The One Thing Elon Musk Is Most Terrified Of
Although Thomas Edison envisioned electric cars as far back as 1912, we’ve been guzzling gas for well over a century now, and the Tesla is only starting to revolutionize the way we get around. The company’s founder, Elon Musk, has also been the brain behind such life-changing technological advances as online payment systems, reusable rockets, web-based telephone calls, location-specific map searches, and (he’s hoping) an electric jet. He’s come up with so many wild ideas that actually worked that CNBC called him “the 21st century’s Thomas Edison.”
As The Guardian reported in 2018, Musk fits the mold of the classic eccentric billionaire so well that Robert Downey Jr. used him as a model for his role as the uber-rich inventor Tony Stark, the heroic guy in the Iron Man suit. But the real-life Tony Stark isn’t as fearless as the character he inspired for the silver screen. As Musk told Rolling Stone in 2017, there is one thing that keeps him up at night, and it’s not spiders or ghosts or dying in a fiery hyperloop accident. Elon Musk is terrified of being alone.
But we can’t blame the guy. We all feel that way sometimes. Plus, he was pretty broken up at the time of the interview. He had just been dumped by actress Amber Heard. “I will never be happy without having someone,” said the brokenhearted billionaire. “Going to sleep alone kills me.”
Has Elon Musk found a long-term solution to his terrifying loneliness?
Like most of us after a bad breakup, Musk went through weeks of “severe emotional pain” after Heard axed their relationship. He said he only survived by chugging Red Bulls and hanging out with positive people, and by the time of his Rolling Stone interview, he was ready to find love again. “Is there anybody you think I should date?” he asked interviewer Neil Strauss, adding that it is hard for him to meet people. “I’m not looking for a one-night stand. I’m looking for a serious companion or soulmate, that kind of thing.”
And it appears he may have found just what he was looking for. He and Canadian singer-songwriter Grimes “took both the business and music worlds by surprise,” as Business Insider put it, when they announced their relationship to the world with their appearance together at the 2018 Met Gala. The two met on Twitter when Musk was going to make a joke about one of her songs but then found that she had already done so. Musk loved her “wild fae artistic creativity and hyper intense work ethic.”
It would appear that the love he found with Grimes is strong enough to assuage his fears of being alone, as the two had a baby in early 2020. The BBC reported in May that the couple named the child in true eccentric fashion, i.e., enigmatic and totally unpronounceable to most earthlings: X Æ A-12. Riiight.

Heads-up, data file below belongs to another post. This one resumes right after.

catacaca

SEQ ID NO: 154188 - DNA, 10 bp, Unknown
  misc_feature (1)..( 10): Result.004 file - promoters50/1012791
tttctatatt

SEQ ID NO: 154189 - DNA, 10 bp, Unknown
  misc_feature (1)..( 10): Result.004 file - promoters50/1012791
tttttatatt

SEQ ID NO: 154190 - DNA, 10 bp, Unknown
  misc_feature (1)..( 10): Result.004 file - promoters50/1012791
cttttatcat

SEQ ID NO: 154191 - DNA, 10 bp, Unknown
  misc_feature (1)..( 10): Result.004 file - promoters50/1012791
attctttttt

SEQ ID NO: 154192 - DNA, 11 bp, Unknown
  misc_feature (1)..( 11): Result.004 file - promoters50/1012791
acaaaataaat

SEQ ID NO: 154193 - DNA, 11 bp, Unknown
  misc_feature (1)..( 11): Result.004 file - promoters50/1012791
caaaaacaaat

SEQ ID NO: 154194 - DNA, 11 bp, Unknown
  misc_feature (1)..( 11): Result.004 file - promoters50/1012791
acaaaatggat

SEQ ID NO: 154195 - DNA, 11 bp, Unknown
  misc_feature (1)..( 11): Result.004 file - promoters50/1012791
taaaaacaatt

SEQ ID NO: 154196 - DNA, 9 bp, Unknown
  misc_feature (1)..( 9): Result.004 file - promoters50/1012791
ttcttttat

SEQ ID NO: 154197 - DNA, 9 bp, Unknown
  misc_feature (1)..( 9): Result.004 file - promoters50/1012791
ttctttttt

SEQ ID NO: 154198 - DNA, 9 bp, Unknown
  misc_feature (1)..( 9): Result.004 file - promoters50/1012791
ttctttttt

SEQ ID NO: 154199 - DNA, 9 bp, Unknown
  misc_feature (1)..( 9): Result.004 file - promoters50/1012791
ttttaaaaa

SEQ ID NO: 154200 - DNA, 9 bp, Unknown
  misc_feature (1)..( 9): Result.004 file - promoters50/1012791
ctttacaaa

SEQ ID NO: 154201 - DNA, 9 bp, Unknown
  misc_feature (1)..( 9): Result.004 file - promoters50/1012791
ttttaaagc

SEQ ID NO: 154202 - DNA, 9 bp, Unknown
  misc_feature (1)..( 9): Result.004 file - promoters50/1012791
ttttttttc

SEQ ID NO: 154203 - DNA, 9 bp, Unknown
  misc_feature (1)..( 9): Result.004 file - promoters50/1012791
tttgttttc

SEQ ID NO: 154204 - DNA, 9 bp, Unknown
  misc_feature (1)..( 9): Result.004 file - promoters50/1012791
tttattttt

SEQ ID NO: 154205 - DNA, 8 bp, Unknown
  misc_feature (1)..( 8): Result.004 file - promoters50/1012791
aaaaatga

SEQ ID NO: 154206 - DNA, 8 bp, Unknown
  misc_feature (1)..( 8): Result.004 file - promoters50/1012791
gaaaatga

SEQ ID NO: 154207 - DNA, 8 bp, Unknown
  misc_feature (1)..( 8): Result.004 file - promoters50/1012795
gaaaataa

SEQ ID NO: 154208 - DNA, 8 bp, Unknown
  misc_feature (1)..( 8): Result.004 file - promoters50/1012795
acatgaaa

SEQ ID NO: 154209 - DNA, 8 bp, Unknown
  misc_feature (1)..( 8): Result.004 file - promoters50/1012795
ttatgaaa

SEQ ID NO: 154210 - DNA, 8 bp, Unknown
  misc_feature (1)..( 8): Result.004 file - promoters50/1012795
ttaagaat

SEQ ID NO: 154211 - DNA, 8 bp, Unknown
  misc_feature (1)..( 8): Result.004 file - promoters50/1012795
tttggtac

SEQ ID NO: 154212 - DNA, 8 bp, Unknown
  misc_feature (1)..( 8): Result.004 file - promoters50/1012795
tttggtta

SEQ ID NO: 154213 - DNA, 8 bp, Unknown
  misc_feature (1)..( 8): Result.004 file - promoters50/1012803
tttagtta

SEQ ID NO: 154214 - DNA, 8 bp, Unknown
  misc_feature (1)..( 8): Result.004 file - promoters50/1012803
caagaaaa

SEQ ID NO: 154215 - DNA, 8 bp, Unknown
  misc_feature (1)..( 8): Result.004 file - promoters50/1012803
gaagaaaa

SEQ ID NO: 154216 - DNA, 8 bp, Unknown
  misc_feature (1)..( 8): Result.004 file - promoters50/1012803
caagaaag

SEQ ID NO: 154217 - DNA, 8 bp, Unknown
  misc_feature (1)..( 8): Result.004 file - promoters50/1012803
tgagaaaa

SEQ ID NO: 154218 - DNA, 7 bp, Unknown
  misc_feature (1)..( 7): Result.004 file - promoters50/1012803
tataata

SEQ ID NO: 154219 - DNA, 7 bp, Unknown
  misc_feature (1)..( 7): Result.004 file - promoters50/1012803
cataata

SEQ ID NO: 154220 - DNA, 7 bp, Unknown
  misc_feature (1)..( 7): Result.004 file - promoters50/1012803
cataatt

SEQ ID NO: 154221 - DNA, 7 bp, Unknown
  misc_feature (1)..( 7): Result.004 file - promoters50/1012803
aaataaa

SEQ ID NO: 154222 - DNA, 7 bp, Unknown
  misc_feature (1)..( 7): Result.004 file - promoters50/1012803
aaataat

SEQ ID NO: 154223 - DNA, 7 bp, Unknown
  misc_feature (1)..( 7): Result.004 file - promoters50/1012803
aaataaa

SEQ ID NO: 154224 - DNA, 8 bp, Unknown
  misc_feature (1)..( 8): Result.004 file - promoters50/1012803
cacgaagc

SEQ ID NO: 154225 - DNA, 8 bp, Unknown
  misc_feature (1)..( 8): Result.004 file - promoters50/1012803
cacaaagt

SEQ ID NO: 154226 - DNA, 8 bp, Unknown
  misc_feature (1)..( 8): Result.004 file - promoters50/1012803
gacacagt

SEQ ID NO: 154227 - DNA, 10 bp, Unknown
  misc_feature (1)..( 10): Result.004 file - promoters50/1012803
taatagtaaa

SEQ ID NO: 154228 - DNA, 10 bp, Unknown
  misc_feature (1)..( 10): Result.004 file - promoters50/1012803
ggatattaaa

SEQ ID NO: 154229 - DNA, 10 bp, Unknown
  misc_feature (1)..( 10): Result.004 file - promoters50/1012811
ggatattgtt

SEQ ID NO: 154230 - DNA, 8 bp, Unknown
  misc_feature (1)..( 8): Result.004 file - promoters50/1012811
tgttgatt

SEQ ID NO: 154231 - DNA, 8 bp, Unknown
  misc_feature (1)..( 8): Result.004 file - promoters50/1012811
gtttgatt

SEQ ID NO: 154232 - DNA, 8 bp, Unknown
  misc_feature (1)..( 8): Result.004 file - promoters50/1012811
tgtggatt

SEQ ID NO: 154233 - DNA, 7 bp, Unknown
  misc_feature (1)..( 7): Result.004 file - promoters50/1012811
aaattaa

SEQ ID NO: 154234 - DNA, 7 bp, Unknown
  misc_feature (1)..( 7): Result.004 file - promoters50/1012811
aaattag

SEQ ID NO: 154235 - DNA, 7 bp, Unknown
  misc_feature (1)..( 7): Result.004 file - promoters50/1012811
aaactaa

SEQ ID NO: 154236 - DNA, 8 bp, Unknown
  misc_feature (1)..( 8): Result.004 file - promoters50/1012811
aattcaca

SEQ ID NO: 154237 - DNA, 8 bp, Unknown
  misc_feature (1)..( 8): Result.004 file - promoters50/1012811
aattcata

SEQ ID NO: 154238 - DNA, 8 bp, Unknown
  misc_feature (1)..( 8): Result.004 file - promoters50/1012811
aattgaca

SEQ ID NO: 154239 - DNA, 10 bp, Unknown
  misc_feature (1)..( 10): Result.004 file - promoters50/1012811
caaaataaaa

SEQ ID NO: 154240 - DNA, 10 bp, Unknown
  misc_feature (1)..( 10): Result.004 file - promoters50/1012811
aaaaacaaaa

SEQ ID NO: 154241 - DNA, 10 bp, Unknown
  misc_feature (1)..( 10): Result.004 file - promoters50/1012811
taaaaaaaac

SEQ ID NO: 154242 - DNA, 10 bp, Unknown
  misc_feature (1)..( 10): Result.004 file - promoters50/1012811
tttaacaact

Elon Musk is probably an alien
Elon Musk’s old college buddy Navaid Farooq told CNBC in December 2019 that “when Elon gets into something, he develops just this different level of interest than other people. This is what differentiates Elon from the rest of humanity.” Farooq said that Musk “stood way outside the bell curve” of their group of friends, all of whom were “fairly high achievers.” This seems obvious to the rest of us. You don’t invent something as weird-looking as the cybertruck without having some characteristics that are lacking in Average Joe.
However, there are those of us sci-fi geeks who have a different theory about where Musk’s unique genius comes from: He’s not of this world at all. Take the classic 1963 science fiction novel The Man Who Fell to Earth by Walter Tevis as an example. The novel follows the life of T.J. Newton, an alien sent to Earth in hopes of finding a way to bring his people here, as their planet is running out of water. Newton bestows a number of revolutionary alien technologies on the unknowing humans, who think he’s just an innovative and eccentric genius (sound familiar?). Unfortunately for Newton, this world only brings him loneliness, despair, and tragedy. Hopefully, for Elon, Grimes, and what’s-his-name’s sake, Musk’s trip to Earth turns out better than Newton’s, and — for our own — we’ll all be zipping across the California countryside in hyperloop pods and flying electric jets to the Moon in no time.
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